Yesterday the American Civil Liberties Union (ACLU) sent a letter to the Department of Defense asking them to reconsider releasing information — such as “a list of names, citizenship, length of detention, [and] capture location” — about detainees held at the detention facility at Bagram air base in Afghanistan. The ACLU explains its decision to request the information on its “Blog of Rights“:
Today, we sent a letter to the Department of Defense (DOD), asking them to reconsider their refusal to turn over information about the detention facility at Bagram in Afghanistan. The request is connected to the Freedom of Information Act (FOIA) request we filed earlier this year with the Departments of Defense, Justice and State and the CIA for documents related to the detention and treatment of prisoners at Bagram. [...]
There is concern that Bagram has become, in effect, another Guantánamo – except with many more prisoners, less due process, no access to lawyers or courts and reportedly worse conditions. Although the nation is embroiled in an intense public debate about U.S. policy pertaining to the detention and treatment of prisoners in U.S. custody, Americans remain in the dark about even the most basic facts about Bagram. And, as long as the Bagram prison is shrouded in secrecy, there is no way to know the truth or begin to address the problems that exist there.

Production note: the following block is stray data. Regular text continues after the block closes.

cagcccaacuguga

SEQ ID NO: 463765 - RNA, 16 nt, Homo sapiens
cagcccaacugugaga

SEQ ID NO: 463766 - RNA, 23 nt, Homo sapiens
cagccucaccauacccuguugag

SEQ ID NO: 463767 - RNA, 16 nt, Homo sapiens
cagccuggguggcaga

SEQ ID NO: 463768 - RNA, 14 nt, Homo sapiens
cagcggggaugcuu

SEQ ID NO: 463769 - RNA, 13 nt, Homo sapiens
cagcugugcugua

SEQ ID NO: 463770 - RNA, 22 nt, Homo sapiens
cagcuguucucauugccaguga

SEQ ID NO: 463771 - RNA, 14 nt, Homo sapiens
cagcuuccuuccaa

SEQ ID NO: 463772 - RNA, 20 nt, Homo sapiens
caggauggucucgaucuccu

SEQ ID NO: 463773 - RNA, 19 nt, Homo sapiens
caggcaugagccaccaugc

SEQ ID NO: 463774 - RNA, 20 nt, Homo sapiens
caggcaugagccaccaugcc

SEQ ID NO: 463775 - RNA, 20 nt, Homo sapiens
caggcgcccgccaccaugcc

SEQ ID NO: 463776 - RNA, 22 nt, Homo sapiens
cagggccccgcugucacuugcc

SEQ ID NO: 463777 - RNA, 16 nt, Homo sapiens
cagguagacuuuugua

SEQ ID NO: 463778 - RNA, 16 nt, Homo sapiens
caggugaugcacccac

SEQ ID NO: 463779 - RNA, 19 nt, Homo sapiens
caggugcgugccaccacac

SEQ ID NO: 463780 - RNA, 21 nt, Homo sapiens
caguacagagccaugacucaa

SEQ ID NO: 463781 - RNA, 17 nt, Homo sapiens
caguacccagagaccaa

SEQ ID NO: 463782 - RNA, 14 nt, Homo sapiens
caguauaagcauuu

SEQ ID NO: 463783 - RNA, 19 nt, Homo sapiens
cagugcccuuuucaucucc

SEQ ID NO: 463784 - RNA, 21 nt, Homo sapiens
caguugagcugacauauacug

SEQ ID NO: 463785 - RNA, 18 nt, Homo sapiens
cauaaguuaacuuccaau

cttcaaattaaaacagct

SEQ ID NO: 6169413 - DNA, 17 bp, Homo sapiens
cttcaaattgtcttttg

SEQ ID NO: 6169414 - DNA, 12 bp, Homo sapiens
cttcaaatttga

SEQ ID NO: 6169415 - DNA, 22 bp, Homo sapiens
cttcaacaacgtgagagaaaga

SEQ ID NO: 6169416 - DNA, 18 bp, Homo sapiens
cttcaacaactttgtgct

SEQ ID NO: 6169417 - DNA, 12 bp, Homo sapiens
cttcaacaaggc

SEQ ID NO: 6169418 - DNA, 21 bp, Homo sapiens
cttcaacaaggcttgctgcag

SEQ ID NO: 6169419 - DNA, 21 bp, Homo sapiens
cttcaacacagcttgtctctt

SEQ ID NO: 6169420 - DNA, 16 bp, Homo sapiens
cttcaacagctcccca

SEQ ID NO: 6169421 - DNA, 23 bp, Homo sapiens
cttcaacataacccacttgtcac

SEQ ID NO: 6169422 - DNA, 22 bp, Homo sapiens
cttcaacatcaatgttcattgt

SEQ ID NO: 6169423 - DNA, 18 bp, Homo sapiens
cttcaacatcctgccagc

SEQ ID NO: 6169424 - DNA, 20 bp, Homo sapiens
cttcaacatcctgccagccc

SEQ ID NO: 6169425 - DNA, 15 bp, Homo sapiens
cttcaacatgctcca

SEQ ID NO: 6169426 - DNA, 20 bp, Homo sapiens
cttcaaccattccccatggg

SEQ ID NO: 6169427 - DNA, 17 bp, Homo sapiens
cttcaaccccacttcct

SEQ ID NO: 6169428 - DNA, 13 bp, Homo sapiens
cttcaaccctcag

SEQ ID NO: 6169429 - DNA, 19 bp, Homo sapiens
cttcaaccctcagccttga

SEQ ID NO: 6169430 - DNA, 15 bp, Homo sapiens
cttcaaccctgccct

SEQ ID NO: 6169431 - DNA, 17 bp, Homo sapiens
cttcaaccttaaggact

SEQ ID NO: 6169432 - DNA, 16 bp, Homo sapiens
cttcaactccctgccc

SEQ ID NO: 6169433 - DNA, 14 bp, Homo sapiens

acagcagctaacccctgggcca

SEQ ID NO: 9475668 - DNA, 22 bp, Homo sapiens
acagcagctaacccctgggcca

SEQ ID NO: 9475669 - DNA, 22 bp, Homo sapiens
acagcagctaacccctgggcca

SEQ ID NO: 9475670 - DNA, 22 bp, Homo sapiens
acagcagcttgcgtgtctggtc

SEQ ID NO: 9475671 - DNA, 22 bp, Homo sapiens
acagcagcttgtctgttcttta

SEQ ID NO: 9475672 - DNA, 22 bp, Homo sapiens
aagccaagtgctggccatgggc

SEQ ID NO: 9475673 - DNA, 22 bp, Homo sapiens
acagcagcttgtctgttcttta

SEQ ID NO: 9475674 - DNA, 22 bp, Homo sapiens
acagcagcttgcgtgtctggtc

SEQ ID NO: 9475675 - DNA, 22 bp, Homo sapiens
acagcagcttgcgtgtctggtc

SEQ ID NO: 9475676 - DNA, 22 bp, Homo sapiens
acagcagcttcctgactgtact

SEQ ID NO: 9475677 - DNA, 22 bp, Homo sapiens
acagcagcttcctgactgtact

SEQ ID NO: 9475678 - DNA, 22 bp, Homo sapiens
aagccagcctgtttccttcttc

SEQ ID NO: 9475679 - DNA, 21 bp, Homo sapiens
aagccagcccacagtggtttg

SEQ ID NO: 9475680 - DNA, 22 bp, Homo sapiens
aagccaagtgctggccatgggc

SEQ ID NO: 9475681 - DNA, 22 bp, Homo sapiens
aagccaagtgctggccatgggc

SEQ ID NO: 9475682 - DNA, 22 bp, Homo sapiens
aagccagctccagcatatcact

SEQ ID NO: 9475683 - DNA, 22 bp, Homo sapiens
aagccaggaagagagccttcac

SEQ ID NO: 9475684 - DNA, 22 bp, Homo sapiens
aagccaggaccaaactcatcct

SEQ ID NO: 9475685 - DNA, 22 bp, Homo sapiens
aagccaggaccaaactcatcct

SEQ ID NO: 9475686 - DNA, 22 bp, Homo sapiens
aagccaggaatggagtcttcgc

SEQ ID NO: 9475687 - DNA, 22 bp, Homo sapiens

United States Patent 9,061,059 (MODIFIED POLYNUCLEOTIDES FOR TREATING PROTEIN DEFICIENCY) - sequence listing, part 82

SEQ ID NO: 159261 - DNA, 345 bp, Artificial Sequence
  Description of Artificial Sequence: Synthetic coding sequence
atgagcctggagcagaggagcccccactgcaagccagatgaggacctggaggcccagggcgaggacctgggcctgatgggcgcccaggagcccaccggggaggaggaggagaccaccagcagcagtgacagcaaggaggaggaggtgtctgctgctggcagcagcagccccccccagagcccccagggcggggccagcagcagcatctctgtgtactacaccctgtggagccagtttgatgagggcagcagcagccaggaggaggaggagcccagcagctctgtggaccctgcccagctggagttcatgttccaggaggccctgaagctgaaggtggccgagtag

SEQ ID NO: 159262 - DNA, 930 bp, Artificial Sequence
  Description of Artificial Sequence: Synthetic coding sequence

There is no doubt that the Obama Administration has done much to reverse the Bush Administration’s disastrous record on civil liberties. Immediately after coming into office, Obama issued executive orders mandating the closure of the Guantanamo Bay prison camp and banning torture.
Yet civil liberties advocates continue to warn that the same “legal black hole” that existed thanks to the Bush Administration’s policies in Guantanamo Bay has continued to exist in the Bagram detention center. As Tina Foster of the International Justice Center told NPR recently, the policies in Bagram seem to imply that “individuals captured by the United States anywhere in the world can be taken into custody and held indefinitely without charge, so long as they’re not brought to Guantanamo.”